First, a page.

Do not underestimate the power of a smile. Smile as often as you can because it affects your mood in a positive way. The latest brain research strongly suggest that smiling (even if it is a forced smile) releases endorphins and chemicals associated with pleasure and well being.

Feeling joyful makes us smile. What many people do not know is that if we deliberately smile, messages are sent to the brain where the brain chemistry that is associated with feeling pleasure is activated.
There is a simple reason for this: according to neuroscientific research we have a “facial feedback – loop”; when we engage our facial muscles in a “smile-like gesture”, it is registered by the brain in the same area where the pleasure centers are located and endorphins, “the feel-good chemicals” are released.

When you’re really in a funky mood, you should try smiling – even if you don’t feel like it. Try “faking” it initially by biting into a straw or a pencil while retrieving a pleasant memory or think about something that makes you feel happy. Most likely you will start noticing how the fake smile turns eventually into a true smile and you will feel your mood starting to lift. You will get the most benefit with a genuine smile.

But there are other reasons to smile, as the author Barbara Larrivee eloquently puts it in her book “A Daily Dose of Mindful Moments”: when we smile at people, we are perceived as being more trustworthy, which may impact how we interact with others in general and our relationships at work.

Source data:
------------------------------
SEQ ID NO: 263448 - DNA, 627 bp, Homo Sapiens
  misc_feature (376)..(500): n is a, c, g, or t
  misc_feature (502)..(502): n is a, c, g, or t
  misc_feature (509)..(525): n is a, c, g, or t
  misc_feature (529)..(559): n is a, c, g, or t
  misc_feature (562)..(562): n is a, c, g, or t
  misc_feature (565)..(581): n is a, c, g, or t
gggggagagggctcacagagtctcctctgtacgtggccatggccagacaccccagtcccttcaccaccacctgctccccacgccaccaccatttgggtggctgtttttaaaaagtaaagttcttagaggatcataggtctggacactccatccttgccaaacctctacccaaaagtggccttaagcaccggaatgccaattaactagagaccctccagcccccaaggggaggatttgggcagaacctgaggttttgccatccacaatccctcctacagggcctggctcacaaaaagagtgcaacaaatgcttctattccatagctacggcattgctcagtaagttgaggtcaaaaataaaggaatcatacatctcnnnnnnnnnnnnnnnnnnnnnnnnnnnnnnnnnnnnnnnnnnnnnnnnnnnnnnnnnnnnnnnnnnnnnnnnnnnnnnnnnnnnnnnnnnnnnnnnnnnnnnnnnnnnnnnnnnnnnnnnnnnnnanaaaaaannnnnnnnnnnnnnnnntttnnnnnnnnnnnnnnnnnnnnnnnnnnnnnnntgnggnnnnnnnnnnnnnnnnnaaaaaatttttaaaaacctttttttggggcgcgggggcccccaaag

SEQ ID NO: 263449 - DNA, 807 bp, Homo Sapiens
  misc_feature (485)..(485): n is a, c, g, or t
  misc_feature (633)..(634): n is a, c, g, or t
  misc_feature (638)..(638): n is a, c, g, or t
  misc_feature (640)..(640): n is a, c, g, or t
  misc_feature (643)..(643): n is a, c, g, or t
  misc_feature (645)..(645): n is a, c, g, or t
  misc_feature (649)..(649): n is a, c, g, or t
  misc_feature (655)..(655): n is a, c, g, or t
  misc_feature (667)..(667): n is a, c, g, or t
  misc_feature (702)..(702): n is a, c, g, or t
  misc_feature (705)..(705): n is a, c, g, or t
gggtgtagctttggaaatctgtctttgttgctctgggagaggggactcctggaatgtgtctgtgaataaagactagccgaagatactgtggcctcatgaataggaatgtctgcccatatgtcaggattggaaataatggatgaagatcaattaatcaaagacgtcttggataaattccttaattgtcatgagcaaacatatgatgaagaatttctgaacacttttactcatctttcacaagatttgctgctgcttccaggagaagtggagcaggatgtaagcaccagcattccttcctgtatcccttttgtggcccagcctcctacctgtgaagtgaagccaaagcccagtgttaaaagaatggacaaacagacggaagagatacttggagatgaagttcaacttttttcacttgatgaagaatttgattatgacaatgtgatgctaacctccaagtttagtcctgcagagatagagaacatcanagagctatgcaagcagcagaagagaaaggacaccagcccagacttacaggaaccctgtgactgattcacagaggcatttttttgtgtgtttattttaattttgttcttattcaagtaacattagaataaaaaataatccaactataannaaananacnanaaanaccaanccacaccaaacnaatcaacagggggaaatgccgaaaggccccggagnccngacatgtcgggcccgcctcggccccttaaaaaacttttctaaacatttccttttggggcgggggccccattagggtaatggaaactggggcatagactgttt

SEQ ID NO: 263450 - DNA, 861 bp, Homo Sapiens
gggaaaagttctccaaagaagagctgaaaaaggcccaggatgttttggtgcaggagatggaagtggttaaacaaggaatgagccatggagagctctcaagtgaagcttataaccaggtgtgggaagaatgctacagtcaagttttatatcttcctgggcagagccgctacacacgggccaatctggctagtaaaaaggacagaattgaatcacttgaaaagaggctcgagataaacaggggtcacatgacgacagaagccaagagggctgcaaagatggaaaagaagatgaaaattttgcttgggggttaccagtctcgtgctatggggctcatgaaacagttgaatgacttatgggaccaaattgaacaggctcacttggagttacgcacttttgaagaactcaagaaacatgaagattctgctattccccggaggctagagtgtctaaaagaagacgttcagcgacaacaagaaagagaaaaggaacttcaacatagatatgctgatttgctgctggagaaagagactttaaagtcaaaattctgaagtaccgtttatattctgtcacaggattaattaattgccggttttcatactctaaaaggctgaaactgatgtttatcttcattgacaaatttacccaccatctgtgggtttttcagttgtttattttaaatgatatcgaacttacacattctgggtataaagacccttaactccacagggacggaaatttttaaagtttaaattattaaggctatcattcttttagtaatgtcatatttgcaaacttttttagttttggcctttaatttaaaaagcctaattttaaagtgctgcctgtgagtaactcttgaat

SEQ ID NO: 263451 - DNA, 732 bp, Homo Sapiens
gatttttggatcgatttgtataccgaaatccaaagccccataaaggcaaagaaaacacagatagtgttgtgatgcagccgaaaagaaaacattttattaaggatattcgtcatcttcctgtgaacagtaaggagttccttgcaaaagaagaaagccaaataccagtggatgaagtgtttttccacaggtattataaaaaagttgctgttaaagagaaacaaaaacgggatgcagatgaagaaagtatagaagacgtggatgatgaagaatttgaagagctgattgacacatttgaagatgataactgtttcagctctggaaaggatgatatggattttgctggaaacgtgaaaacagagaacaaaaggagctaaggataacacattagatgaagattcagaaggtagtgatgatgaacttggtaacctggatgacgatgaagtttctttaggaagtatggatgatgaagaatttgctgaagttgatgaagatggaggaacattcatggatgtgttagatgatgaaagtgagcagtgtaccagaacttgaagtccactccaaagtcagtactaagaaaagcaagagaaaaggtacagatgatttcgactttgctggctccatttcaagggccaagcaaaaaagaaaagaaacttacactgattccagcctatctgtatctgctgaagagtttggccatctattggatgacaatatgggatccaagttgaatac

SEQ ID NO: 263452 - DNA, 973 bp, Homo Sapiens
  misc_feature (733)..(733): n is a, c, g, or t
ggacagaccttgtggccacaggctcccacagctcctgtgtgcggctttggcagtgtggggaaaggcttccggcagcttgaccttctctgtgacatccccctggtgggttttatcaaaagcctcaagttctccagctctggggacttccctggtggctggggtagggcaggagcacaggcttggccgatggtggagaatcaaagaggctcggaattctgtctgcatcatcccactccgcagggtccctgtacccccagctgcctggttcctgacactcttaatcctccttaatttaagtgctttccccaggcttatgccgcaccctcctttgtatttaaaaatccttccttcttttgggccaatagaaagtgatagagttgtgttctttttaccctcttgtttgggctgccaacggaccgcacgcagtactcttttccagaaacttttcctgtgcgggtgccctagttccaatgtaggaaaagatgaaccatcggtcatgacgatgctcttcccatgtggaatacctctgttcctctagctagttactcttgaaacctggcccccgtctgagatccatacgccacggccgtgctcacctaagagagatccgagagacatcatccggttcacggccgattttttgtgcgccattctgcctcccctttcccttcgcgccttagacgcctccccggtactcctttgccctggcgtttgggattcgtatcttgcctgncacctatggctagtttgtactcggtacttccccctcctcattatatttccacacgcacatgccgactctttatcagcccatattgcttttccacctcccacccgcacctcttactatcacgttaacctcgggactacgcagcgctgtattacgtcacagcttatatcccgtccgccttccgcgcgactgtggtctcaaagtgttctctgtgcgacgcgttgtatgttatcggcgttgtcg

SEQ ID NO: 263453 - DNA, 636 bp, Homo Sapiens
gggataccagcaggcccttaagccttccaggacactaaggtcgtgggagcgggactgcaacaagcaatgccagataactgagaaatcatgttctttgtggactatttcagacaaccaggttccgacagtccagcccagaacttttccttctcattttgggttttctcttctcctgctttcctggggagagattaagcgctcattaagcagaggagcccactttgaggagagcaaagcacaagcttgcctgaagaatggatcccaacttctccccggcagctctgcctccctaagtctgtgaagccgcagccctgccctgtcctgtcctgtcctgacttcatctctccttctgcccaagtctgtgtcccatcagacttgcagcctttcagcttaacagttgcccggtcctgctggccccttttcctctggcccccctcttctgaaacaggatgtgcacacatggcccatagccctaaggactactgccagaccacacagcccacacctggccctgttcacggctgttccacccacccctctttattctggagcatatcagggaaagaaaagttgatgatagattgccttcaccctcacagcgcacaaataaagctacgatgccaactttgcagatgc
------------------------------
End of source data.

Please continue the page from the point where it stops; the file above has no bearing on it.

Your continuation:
Neuro-Tips To get More Smiles Into Your Day:

.Take a moment to remember someone else’s act of kindness toward you and smile while you savor their gesture.

. Make a mental list of the people that care about you. Close your eyes and try visualizing them standing next to you. Then, immerse yourself in the warm and loving feelings that come up and allow yourself to smile.

.Think about some fun and exciting activities that you may be planning or would like to plan – such as a vacation coming up or a special outing with friends – and get excited! Then, savor the feelings of fun and excitement and smile.
 

*** A smile or two a day keeps the blues and the antidepressants away.
     So, why wait? Make a habit of it. 
     Put a smile on your face and smile away 🙂

 References:
1. Elkman, P. Emotions  Revealed: Recognizing Faces and Feelings to Improve Communication and Emotional Life. (2007) NY-Owl Books
2. Elkman, P & davison R.J. Voluntary Smiling Changes Regional Brain Activity. (1993) Psychological Science
3. Barbara Larrivee. A Daily Dose of Mindful Moments: Applying the Science of Mindfulness and Happiness. (2018) Santa Barbara, CA. Shoreline Publications

This post was mindfully crafted by Fanny Elizaga.

For information about Mindfulness.NeuroCoaching, visit www.fannyelizagacoaching.com